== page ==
Manage an Overactive Bladder with the Following Behavioral Strategies

Overactive bladder (AOB) is not technically defined as a disease but as a term or name for a group of urinary symptoms. It is a common urologic condition affecting up to 33 million men and women in the United States, but the number may be higher since many people won’t get help because they are embarrassed. Overactive bladder is characterized by a frequent and sudden urge to urinate that may be difficult to control, leading to accidents. You may isolate yourself or limit your work and social life due to an overactive bladder. However, a brief evaluation by your urologist Mount Vernon can determine if your overactive bladder has a specific cause. Even better, you can manage symptoms of an overactive bladder with the following behavioral strategies.

Stay hydrated

Unfortunately, many people with an overactive bladder may resist drinking enough water due to the fear of an increased urge to urinate. However, it is best to drink enough fluids because dehydration can impact various urologic conditions and worsen them. For example, without enough fluids, your urine becomes concentrated, irritating the bladder lining and increasing the urge to urinate. It may seem counterintuitive, but dehydration also shrinks the size of your bladder, reducing the amount of urine you can hold. Over time, the severity of your overactive bladder increases, and you may experience more accidents. Drinking enough fluids also helps preserve the bladder and pelvic floor muscles.

Limit fluid intake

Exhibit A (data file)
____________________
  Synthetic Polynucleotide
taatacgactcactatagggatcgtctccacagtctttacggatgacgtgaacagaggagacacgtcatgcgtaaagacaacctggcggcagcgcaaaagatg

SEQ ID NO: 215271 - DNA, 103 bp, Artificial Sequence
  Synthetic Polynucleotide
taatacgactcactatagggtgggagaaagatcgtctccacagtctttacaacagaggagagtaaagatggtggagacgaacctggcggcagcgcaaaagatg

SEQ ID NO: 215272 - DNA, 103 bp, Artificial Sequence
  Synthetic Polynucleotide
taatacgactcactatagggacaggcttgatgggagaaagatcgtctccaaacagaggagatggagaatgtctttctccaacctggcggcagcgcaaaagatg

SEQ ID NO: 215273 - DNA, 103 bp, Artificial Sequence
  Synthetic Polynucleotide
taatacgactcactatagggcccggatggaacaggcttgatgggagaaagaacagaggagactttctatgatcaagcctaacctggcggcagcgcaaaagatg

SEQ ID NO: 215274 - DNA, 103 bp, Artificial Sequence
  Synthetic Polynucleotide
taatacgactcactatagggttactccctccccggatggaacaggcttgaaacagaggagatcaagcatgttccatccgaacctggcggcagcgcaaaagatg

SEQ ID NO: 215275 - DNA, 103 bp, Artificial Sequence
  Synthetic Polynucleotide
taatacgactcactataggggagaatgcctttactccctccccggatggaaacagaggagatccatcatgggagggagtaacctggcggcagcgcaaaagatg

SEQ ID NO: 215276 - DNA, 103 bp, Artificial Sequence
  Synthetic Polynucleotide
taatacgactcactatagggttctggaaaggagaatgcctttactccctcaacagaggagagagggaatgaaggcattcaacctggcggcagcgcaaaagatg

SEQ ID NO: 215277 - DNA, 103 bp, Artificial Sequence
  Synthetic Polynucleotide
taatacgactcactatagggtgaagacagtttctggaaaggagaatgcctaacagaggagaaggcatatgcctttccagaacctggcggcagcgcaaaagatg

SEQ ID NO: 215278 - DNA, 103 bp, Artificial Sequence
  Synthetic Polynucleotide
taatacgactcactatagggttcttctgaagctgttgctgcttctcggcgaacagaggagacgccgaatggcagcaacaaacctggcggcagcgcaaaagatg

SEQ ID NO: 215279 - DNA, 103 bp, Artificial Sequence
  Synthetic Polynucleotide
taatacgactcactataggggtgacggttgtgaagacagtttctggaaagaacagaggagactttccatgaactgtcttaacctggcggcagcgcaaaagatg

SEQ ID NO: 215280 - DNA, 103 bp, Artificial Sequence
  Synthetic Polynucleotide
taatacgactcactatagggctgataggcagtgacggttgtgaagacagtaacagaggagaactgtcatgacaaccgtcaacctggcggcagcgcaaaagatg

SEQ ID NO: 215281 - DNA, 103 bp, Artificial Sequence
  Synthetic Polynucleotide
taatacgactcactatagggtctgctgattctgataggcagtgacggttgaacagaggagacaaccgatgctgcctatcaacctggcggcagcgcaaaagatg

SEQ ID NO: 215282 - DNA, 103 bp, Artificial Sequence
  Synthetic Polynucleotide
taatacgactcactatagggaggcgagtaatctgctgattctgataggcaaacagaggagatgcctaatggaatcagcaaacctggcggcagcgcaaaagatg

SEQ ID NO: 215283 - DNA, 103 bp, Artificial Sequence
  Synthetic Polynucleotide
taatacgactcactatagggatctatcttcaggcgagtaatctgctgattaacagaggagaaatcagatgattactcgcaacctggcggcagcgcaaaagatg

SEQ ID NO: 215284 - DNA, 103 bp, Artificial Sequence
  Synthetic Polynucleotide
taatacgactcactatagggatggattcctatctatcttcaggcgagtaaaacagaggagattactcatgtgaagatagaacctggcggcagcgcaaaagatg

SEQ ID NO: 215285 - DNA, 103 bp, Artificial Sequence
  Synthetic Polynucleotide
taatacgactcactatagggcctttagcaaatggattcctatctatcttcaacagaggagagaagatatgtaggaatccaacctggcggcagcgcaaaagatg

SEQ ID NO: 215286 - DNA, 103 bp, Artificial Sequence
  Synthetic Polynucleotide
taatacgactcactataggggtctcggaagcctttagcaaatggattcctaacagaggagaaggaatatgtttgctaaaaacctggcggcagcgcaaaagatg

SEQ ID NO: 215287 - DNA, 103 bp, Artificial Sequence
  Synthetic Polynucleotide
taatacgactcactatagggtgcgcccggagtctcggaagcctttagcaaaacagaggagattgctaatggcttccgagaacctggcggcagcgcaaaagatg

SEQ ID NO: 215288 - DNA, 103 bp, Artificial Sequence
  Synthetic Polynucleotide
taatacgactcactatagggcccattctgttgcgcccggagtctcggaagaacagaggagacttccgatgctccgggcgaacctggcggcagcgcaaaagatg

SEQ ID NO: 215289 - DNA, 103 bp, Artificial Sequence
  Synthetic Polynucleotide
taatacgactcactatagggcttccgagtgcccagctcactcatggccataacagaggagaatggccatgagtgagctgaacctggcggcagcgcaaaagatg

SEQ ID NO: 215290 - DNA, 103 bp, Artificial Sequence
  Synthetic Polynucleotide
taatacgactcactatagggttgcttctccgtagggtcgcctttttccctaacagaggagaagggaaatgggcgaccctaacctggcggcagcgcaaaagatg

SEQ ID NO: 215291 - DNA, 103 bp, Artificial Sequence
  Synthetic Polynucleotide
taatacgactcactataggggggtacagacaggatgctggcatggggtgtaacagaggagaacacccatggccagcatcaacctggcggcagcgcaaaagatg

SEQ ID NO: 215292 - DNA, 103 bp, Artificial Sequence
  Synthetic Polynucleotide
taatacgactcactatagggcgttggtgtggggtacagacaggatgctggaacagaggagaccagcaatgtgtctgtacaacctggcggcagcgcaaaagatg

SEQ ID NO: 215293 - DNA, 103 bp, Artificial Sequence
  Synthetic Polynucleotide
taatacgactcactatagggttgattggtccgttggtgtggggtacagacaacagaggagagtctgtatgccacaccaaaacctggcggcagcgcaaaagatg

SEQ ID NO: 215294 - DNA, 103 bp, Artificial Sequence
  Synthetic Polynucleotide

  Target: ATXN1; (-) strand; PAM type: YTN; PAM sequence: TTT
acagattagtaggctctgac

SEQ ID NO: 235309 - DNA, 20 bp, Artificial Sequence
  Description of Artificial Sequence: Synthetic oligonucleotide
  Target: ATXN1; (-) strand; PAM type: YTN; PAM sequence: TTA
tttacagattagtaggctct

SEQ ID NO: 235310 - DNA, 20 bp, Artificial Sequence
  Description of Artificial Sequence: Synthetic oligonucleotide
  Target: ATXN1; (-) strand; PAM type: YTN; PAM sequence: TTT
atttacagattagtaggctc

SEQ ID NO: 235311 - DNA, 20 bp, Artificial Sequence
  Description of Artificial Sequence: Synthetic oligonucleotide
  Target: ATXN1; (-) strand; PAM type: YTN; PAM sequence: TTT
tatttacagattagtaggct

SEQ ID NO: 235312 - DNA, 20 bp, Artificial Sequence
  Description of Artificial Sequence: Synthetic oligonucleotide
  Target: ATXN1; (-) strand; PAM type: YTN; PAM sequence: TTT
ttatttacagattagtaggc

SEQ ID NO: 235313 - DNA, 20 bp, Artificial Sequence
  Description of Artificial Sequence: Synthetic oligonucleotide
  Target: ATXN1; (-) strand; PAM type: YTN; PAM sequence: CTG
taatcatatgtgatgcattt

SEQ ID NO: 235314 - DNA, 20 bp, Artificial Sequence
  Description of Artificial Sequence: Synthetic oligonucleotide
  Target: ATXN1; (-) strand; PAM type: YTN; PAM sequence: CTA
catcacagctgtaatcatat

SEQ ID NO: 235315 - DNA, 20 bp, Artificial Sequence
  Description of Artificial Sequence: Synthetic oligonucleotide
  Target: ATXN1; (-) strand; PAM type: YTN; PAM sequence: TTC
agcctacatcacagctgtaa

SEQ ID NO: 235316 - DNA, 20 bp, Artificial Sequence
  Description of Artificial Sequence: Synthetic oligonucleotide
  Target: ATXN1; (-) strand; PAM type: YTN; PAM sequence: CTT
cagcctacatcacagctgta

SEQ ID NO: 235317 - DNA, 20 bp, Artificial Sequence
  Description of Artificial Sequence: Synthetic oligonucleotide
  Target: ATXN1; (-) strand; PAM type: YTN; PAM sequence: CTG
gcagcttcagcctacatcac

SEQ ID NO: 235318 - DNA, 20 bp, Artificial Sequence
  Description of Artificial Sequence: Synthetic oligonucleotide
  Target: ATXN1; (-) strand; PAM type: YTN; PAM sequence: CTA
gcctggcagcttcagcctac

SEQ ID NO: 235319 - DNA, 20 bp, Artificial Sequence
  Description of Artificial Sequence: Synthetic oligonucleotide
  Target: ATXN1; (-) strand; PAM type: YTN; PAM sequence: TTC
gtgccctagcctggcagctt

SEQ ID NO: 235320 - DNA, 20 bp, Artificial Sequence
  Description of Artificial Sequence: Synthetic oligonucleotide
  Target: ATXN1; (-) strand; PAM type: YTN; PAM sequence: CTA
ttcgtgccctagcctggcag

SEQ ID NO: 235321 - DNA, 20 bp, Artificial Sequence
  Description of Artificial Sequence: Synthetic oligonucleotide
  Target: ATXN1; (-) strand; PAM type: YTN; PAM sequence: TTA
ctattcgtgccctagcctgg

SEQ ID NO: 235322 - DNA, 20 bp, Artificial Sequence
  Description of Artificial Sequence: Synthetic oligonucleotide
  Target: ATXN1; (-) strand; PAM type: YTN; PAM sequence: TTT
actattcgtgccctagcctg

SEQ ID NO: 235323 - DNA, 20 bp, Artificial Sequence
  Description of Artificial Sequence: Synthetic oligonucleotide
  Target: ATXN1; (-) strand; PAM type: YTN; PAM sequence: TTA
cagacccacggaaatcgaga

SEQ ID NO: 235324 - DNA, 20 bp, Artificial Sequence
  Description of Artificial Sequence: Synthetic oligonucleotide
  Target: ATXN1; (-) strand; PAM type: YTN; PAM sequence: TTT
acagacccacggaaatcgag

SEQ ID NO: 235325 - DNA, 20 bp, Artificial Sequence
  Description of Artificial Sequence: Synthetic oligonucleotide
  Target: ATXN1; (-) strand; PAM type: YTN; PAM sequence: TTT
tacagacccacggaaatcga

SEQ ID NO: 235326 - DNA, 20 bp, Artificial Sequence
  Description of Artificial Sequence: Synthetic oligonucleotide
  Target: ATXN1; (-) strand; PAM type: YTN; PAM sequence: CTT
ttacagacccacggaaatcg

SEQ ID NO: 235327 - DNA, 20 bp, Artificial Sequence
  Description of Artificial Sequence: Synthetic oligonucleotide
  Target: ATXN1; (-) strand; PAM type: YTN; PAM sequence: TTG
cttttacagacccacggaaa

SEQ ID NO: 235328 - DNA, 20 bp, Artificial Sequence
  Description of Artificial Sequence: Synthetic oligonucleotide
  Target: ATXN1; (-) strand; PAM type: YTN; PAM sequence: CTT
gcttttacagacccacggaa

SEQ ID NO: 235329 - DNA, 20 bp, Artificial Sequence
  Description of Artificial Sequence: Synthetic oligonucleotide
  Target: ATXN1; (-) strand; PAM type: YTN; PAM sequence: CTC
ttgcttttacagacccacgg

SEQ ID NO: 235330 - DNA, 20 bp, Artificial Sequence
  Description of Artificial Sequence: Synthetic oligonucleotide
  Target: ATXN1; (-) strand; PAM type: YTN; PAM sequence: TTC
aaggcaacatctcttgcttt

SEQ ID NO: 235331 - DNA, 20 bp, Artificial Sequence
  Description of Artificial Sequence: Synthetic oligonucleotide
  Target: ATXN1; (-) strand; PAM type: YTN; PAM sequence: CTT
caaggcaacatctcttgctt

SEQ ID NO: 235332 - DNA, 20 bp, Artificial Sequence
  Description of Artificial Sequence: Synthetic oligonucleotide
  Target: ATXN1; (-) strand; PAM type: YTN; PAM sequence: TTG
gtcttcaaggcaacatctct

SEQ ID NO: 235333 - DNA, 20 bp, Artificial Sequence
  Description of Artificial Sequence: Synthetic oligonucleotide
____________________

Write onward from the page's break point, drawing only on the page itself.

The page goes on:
Although this may seem contradictory to the above statement, limiting your fluid intake helps reduce the symptoms of an overactive bladder. However, this does not mean you shouldn’t hydrate; make water your primary drink. Additionally, taking small sips throughout the day is best to avoid overstressing your bladder; this helps you avoid sudden bouts of urgency in undesirable circumstances. Other fluids such as alcohol, tea, caffeine, carbonated drinks, and citrus juice might irritate your bladder and worsen your symptoms.

Strengthen your pelvic floor muscles.

Your pelvic muscles help support the bladder and control urine that flows through the urethra. Strengthening these muscles is one of the best overactive bladder management methods. Incorporating pelvic floor exercises into your daily routine can be helpful; Kegels are a great option since you can do them anywhere and anytime. Activities such as bridges and squats can also help strengthen your pelvic floor muscles. A physical therapist may help, especially if you are unsure whether you are performing these exercises correctly. Biofeedback can help you learn how to target your pelvic floor muscles and get the most out of your efforts.

Give up smoking

Overactive bladder is among the many urologic conditions that are impacted by smoking. Smoking affects the health of your blood vessels and reduces the oxygen and nutrient supply in your bladder. Over time, the health of your bladder muscles declines due to oxygen deprivation. Quitting smoking can minimize some of the symptoms associated with overactive bladder, especially in younger individuals between 20 and 49 years.

If you need help managing an overactive bladder, visit your specialist at Bellingham Urology Group.

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Clare Louise